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National Grid is acquisitive

National Grid, the London-based business interested in

acquiring KeySpan Corp., is an international company primarily involved in

delivering electricity and gas.

A product of 1990s deregulation and restructuring in Great Britain,

National Grid has aggressively pursued U.S. utilities, industry experts said.

Its large U.S. subsidiary was formed in 2000 when the company completed its

acquisition of New England Electric System.

In 2002, National Grid bought its Syracuse-based subsidiary, Niagara Mohawk

Power Corp.

And just this month, the company announced an agreement to acquire the

Rhode Island natural gas business and assets of New England Gas Co. from

Southern Union Co.

"They are looking to expand, and they have significant resources," said

Matthew Cordero, director of the Center for Management Analysis and associate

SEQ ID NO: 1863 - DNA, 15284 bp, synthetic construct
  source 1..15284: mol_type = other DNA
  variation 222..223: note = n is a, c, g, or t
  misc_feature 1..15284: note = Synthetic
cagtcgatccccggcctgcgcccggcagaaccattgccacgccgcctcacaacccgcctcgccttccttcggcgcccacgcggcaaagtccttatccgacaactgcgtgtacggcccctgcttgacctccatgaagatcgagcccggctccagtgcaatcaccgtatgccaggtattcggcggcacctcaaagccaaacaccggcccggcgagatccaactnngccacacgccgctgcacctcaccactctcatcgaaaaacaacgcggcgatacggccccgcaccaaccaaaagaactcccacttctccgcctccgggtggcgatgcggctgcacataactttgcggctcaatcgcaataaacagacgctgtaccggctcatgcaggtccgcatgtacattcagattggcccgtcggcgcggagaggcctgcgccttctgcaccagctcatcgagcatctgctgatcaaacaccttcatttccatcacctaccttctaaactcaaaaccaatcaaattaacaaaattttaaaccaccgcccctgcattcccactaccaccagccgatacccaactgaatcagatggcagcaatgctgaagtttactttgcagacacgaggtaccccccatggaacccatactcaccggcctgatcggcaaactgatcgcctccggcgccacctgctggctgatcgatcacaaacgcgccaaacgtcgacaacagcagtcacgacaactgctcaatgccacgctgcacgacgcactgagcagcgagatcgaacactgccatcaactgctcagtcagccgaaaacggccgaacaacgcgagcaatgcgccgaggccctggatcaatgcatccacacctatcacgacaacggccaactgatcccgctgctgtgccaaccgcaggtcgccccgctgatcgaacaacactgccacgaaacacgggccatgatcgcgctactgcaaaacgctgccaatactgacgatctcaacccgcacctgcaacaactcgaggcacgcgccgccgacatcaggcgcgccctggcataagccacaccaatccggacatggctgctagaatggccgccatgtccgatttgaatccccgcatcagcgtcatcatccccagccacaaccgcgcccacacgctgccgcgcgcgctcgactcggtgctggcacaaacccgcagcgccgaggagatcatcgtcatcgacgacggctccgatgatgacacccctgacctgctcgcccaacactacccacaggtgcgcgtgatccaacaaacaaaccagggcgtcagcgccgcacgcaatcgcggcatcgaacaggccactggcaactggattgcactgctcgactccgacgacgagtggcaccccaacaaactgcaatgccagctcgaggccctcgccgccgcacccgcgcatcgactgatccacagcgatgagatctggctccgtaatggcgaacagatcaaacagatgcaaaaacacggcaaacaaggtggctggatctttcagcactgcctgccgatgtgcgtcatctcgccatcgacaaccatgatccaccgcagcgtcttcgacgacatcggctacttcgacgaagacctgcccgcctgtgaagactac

dean for the College of Management at the C.W. Post Campus of Long Island


In the United States, the company employs 8,500 people and has five

electricity distribution companies that bring electricity to 3.3 million

customers in New York, Massachusetts, Rhode Island and New Hampshire.

In addition, the company delivers natural gas to 565,000 customers in

central and eastern New York.

Internationally, National Grid owns the high-voltage electricity

transmission system in England and Wales. It also owns and operates a

high-pressure gas transmission system in Britain, delivering gas to about 11

million customers there.

The company's 2005 revenue totaled $15.9 billion worldwide and $7.1 billion

in the United States.

National Grid is involved in developing wireless network infrastructures

for broadcast and mobile phones, metering and interconnectors.

One project to connect the electricity network on the island state of

Tasmania to the state of Victoria in Australia is scheduled to be finished this


Ashok Gupta, director of the Natural Resources Defense Council's Air and

Energy Program, described National Grid as a well-run company with good senior

management, like Consolidated Edison Inc., which is also rumored to be

interested in KeySpan.

"I think the big difference is that ... [National Grid] is an

international, multistate company that has been growing through mergers," he

said. "And Con Ed, if anything, it has shrunk rather than grown."

Con Ed, though, may have a slight advantage because it is rooted in New

York, he added.

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